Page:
Editor's note: In Oct. 2016, Dartmouth News followed up with Enten to talk about his work at FiveThirtyEight.
It’s fitting that Harry Enten ’11 opens a telephone interview by immediately diving in about the weather.
“It’s a bit cold today, a bit windy, but it’s supposed to warm up,” he says of the system over New York City.
After all, Enten is a forecaster at heart. A political forecaster, that is. And he’s recently landed a gig working for one of America’s most renowned political barometers, Nate Silver, and his popular blog, FiveThirtyEight.
“It’s sort of surreal right now,” Enten says of being hired at FiveThirtyEight, which refers to the total number of electoral votes in presidential elections. Silver gained widespread fame for accurately predicting how 49 of the 50 states would vote in the 2008 presidential election. In 2012, Silver predicted the results for all 50 states in President Barack Obama’s re-election victory.
A little more than two years ago, however, Enten was in the middle of a discouraging six-month job search. He had graduated from Dartmouth, and was living with his parents in New York. Sometimes he got rejections, for others he didn’t even get a response. “You start wondering, even though you have faith in your skills,” he says. “My mom told me to just keep writing.”
And that’s what he did. He wrote constantly for his blog, Margin of Error, analyzing political polling and statistics, and formulating arguments supported by data. His work began to get noticed by pundits, and was even cited by Silver. Eventually, The Guardian asked him to write a freelance piece. “I made sure it was the best thing I’d ever written,” he says. Soon thereafter, the government major was hired as a writer for The Guardian.
Enten’s last column for The Guardian was published November 15. He will begin his work in January as a senior writer for Silver’s blog, once the blog completes its transition fromThe New York Times to ESPN. Silver, whose background is in baseball statistics, announced the move last summer.
“Anything that Nate touches these days seems to turn to gold,” says Enten. And now that Silver’s tapped him, that would seemingly include Enten, too. But he’s had golden ideas well before this. He began blogging in 2009 while at Dartmouth, and his posts were cited by outlets like The Atlantic, The New Republic, and The Economist while he was still a student.
Statistics have long fascinated Enten. Rather than be an ideologue, he prefers to develop arguments supported by numbers. For example, just three days after the Sandy Hook Elementary School massacre in Newtown, Conn., Enten predicted that, despite a wave of public outcry for more gun control measures, Obama would have a very difficult time pushing meaningful action through Congress—even in the Democrat-controlled Senate.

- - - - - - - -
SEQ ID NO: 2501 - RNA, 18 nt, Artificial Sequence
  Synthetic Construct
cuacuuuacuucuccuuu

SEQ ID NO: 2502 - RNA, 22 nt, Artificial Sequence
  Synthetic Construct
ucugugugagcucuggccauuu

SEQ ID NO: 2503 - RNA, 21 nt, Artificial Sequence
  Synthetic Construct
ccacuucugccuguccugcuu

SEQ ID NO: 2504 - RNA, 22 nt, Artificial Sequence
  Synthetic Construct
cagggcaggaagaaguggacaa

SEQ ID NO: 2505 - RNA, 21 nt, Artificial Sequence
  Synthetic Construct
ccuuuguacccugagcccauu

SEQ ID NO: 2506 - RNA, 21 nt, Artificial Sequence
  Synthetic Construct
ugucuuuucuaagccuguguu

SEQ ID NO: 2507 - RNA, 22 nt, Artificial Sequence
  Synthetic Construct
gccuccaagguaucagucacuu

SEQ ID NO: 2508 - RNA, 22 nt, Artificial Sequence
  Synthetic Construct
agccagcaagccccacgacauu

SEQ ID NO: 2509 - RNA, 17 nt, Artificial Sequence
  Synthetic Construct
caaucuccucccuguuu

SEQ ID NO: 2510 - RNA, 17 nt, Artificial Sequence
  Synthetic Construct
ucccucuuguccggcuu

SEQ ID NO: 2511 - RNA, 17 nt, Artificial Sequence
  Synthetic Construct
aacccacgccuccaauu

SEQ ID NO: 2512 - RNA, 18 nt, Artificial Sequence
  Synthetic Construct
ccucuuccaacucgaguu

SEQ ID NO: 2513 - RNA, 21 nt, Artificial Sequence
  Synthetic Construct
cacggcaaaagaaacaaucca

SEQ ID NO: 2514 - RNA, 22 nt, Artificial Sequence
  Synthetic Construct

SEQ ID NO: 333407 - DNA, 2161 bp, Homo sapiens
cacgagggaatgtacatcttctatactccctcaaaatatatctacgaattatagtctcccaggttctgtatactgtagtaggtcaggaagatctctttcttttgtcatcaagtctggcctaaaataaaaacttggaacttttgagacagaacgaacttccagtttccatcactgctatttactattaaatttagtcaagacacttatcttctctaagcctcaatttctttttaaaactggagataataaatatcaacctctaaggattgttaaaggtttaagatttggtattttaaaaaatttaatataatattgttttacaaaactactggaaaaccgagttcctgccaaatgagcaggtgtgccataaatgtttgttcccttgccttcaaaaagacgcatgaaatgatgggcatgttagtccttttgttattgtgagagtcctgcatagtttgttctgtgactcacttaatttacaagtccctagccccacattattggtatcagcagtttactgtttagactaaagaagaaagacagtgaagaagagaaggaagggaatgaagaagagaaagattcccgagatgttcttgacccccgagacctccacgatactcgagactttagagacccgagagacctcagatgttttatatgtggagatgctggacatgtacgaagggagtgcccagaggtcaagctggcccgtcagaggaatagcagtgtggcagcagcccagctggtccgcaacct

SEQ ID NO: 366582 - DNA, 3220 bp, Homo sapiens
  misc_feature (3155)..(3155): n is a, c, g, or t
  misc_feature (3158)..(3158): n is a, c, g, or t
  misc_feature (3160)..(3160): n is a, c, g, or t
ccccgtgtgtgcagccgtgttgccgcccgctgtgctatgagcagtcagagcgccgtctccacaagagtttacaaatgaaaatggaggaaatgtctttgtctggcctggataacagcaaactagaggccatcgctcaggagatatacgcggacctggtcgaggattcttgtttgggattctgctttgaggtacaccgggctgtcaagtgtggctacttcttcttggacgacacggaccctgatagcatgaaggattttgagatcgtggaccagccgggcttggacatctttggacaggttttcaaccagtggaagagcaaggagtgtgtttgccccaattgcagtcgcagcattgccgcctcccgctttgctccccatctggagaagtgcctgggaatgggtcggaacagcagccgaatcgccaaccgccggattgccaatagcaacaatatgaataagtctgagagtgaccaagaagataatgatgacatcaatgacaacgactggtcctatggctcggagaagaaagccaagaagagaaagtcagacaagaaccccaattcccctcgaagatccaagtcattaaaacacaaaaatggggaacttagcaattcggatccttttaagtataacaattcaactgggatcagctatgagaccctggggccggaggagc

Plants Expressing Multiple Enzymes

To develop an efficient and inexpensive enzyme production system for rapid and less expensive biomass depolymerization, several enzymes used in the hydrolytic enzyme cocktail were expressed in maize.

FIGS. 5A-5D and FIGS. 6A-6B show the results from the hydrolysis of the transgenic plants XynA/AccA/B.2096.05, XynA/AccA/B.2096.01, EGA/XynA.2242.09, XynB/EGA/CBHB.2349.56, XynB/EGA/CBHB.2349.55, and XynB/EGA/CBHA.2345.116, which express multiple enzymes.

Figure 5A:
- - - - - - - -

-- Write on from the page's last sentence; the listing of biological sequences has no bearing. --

“Twelve Democratic senators are from states that Romney won,” wrote Enten. In addition, “the Democratic base on which Obama rode to victory doesn’t completely line up with stronger gun control. Even after Newtown, support for stricter gun laws barely reaches 50 percent. Before the events at Newtown, opinion in favor of stricter gun control measures was at an all-time low.”
In April, Obama’s bill failed to pass the Senate.
The 25-year-old comes off as confident, but not arrogant—“You’re probably a better writer than me,” he says during a recent interview. “My young age keeps me humble, but I do think I know this stuff.” Enten knows the numbers well partly because his focus is narrow, he says.
“Harry basically just started doing the job he wanted before anyone thought to pay him for it,” says Carey. While statistics are a field that’s growing, there are still few job opportunities for number crunchers, Enten says.
“What I do is so specific,” says Enten. “A reporter’s job is really not what I do. What I do is much more analytical, and there are very few jobs where I fit.”
But he found one where he certainly does. He’ll be one of 15 to 20 employees at FiveThirtyEight. The fact that he will be one of the blog’s lead writers hasn’t hit him yet, and he insists he won’t let a title change him. “I’m the same person who was on the Dartmouth campus just a few years ago,” says Enten.
That person was one who knew he wanted to go into statistics, and Enten appreciates the way Dartmouth enabled him to pursue his passion. “Dartmouth worked for me,” he says. “For me, the ability to go into what you really like right off the bat was huge. I don’t know if you get that at other institutions. All my courses gave me the skill set I needed to take with me after college.”
He’s taken those skills a long way already.
“A couple years out of Dartmouth, Harry’s standing on what is probably one of the most prominent platforms in American political journalism,” says Carey. “It’s pretty remarkable.”
The conversation winds down, and Enten has to get back to his writing. But before we hang up, I can’t resist asking him one last question: Who wins the 2016 election?
“I’ll say this: Hillary Clinton is in the strongest position to win the Democratic primary than any non-incumbent in history,” he says. “The polling is so ridiculously strong for her. She’s much stronger than in 2008.”
But the statistics, at least at this point, do have limits.
“I have no idea about the general election,” he says with a laugh. Stay tuned.